Funeral Mass for Cardinal Vincenzo Fagiolo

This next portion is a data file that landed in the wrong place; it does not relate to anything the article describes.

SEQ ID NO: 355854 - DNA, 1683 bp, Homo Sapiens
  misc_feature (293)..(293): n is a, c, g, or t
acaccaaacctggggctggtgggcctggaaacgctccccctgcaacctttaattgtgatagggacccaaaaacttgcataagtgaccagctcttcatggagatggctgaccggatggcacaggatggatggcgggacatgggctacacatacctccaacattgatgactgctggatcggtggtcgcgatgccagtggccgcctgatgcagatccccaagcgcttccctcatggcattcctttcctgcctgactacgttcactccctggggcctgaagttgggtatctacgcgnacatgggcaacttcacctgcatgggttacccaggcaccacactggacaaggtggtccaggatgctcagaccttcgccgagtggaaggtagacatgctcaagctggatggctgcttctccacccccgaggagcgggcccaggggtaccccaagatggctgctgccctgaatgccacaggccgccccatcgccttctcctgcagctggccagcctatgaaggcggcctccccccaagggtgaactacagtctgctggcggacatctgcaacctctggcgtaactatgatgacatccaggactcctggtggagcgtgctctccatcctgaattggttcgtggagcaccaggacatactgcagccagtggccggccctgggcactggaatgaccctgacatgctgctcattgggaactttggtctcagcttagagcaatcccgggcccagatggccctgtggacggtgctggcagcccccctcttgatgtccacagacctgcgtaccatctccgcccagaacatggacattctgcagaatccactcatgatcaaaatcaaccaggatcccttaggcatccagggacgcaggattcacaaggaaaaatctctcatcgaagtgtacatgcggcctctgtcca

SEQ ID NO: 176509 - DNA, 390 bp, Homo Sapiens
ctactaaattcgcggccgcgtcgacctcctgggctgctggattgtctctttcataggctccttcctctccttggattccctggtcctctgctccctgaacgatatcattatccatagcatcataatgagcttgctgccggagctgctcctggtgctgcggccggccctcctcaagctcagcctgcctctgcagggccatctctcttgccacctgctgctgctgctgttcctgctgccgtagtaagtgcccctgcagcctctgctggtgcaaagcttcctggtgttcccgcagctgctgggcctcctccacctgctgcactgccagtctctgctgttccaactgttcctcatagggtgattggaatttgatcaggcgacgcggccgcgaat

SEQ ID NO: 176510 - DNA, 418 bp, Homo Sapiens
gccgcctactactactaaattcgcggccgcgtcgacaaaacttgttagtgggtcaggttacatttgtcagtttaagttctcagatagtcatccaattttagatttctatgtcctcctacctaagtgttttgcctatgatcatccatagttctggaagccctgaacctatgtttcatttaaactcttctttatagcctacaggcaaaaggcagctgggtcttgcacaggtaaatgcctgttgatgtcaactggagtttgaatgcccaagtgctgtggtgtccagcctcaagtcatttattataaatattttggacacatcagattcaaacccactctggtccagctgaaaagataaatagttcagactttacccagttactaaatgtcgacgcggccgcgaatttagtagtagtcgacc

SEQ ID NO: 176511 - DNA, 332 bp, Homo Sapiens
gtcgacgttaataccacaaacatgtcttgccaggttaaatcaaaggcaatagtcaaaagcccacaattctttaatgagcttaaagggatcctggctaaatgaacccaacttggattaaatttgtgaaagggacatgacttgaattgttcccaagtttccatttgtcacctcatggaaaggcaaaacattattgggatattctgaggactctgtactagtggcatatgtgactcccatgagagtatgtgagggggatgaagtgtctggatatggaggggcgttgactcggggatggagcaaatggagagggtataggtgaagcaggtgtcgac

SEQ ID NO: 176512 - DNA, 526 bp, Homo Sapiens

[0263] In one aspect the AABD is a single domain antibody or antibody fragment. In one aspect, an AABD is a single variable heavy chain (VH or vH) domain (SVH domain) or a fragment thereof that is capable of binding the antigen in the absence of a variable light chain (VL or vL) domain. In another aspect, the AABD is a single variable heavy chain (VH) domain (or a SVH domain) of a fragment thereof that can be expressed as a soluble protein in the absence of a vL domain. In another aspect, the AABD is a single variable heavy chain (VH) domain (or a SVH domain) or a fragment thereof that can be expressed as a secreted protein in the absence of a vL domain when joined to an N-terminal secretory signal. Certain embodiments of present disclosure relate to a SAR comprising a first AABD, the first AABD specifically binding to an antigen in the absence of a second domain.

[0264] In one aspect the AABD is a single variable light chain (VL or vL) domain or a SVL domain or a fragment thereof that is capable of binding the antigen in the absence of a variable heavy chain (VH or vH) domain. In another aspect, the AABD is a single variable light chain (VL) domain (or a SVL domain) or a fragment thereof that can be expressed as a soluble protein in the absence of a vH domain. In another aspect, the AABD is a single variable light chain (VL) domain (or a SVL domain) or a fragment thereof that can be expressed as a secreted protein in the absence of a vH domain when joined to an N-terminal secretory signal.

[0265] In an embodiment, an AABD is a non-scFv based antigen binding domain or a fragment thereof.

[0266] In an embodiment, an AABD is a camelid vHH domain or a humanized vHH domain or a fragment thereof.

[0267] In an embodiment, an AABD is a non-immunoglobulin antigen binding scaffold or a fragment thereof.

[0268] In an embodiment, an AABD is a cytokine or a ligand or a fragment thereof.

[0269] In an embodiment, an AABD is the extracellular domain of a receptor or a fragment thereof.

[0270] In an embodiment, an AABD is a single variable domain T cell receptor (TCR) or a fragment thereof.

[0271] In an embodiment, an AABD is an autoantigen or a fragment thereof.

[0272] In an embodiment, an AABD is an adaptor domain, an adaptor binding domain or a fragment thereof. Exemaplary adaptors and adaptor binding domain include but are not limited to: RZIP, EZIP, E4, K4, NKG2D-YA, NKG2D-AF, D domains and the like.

Funeral Mass for Cardinal Vincenzo Fagiolo Homily John Paul II September 26, 2000 1. Many of those who sleep in the dust of the earth shall awake (Dn 12: 2). Daniel's words, which we heard in the first reading, go beyond the historical horizon and extend to the final age, announcing the resurrection of the dead with words that Christ himself will take up in the Gospel. Speaking of the last judgement, Jesus says: The hour is coming when all who are in the tombs will hear his voice and come forth, those who have done good, to the resurrection of life, and those who have done evil, to the resurrection of judgement (Jn 5: 28-29). Your Eminences, venerable Brothers in the episcopate and the priesthood, dear faithful, in the light of faith in Christ, our life and resurrection (cf. Jn 11: 25), today we are celebrating the funeral rites of dear and venerable Cardinal Vincenzo Fagiolo, who last Friday, at the age of 82, ended his earthly pilgrimage. We believe that he belongs to the ranks of those who did good and we are therefore confident that he is now waiting to be called by the voice of Christ to the resurrection of life. 2. Those who lead the many to justice shall be like the stars forever (Dn 12: 3). I am pleased, at this moment, to remember the late Cardinal as a teacher of justice. The study and teaching of canon law were always a constant in his life. His priestly vocation and then his call to the episcopate transformed this interest according to the Gospel perspective. To teach true justice, the justice of Christ: this is the ministry that Cardinal Fagiolo carried out in the entire span of his life. In the different situations in which obedience placed him at one time or another, this was his constant aim: from the university lecture halls to the episcopal magisterium in the Archdiocese of Chieti-Vasto, from the offices of the Italian Episcopal Conference to those of the Roman Curia. On the occasion of his episcopal appointment, Mons. Fagiolo chose the Pauline phrase, Plenitudo legis dilectio (Rom 13: 10) as his motto. It sums up wonderfully the entire life of this man of the Church, who knew how to recognize and seek the fulfilment of every law in the love of Christ, and spent his life testifying to this truth with his teaching and his works. In a recent interview, he had said: Everything in the Church proceeds by love, everything must aim for the growth of love. 3. God, who is rich in mercy ... made us alive together with Christ (Eph 2: 4-5). With Paul, fixing our gaze on the mystery of the incarnation, passion, death and resurrection of Christ, we acknowledge that our authentic justice is a gift of divine mercy. In fact, the grace of God poured out on us in abundance through the blood of the crucified Christ frees us from sin and from the second death (cf. Rv 20: 14), and opens the door of eternal life for us. The Great Jubilee we are living invites believers to renew their faith in this mystery of love, proclaiming to everyone: by grace you have been saved (Eph 2: 5). Cardinal Vincenzo Fagiolo fell asleep in the Lord precisely during the Jubilee Year, after having been able to live a considerable part of it. This will have certainly been a comfort to him in the last stage of his journey to the encounter with Christ. He knew that he could appear before the tribunal of God bringing the freshest fruits, so to say, of the Jubilee indulgence. 4. Father, I desire that they also, whom you have given me, may be with me where I am (Jn 17: 24). The saving will of Christ, a perfect reflection of that of the eternal Father, shines with its full brightness in the Gospel of John. The Father wants the Son to give eternal life to those who believe in him, that he may raise them up on the last day (cf. Jn 6: 39-40). In obedience to this merciful will, the Word became flesh; he came on earth and gave himself so that men might have life and have it in abundance (cf. Jn 10: 10). May this shining evangelical truth comfort us every time that we give our final farewell to a deceased brother. Christ must certainly recognize Cardinal Vincenzo Fagiolo as one of those whom the Father gave to him, that they might be with him. It consoles us to think that Christ, in whom the Cardinal believed and hoped, now wants him to be with him in heaven. Truly our hope of peace without end is founded on this will of Christ, more solid than a rock. 5. Laetatus sum in eo quod dixerunt mihi: In domum Domini laetantes ibimus (Responsorial Psalm). Dear friends, our venerable Brother is now at the gates of the holy Jerusalem. About 30 years ago, foreseeing this event, he had already written a spiritual testament, confirmed with a subsequent marginal note. In it we read: If the thought of having to die disturbs me, I am consoled by the hope that the Lord Jesus Christ, through the merits of his passion and death, in his great mercy will kindly open the gates of his eternal and blessed home. And after giving thanks for the gifts of life, faith and priesthood, the Cardinal added: My most heartfelt, deepest gratitude goes to the Blessed Virgin Mary, sweet Mother of Trust: ... to her, the last kiss of a life that is ebbing. In this perspective, he expressed the desire that the Marian antiphon Salve Regina should be sung at his funeral. In this celebration imbued with hope, let us wholeheartedly entrust our dear brother Cardinal Vincenzo Fagiolo to the Mother of Jesus and our Mother. We are certain that she will receive him, to take him into the house of the Lord where he will be able to enjoy the fullness of peace forever. Amen.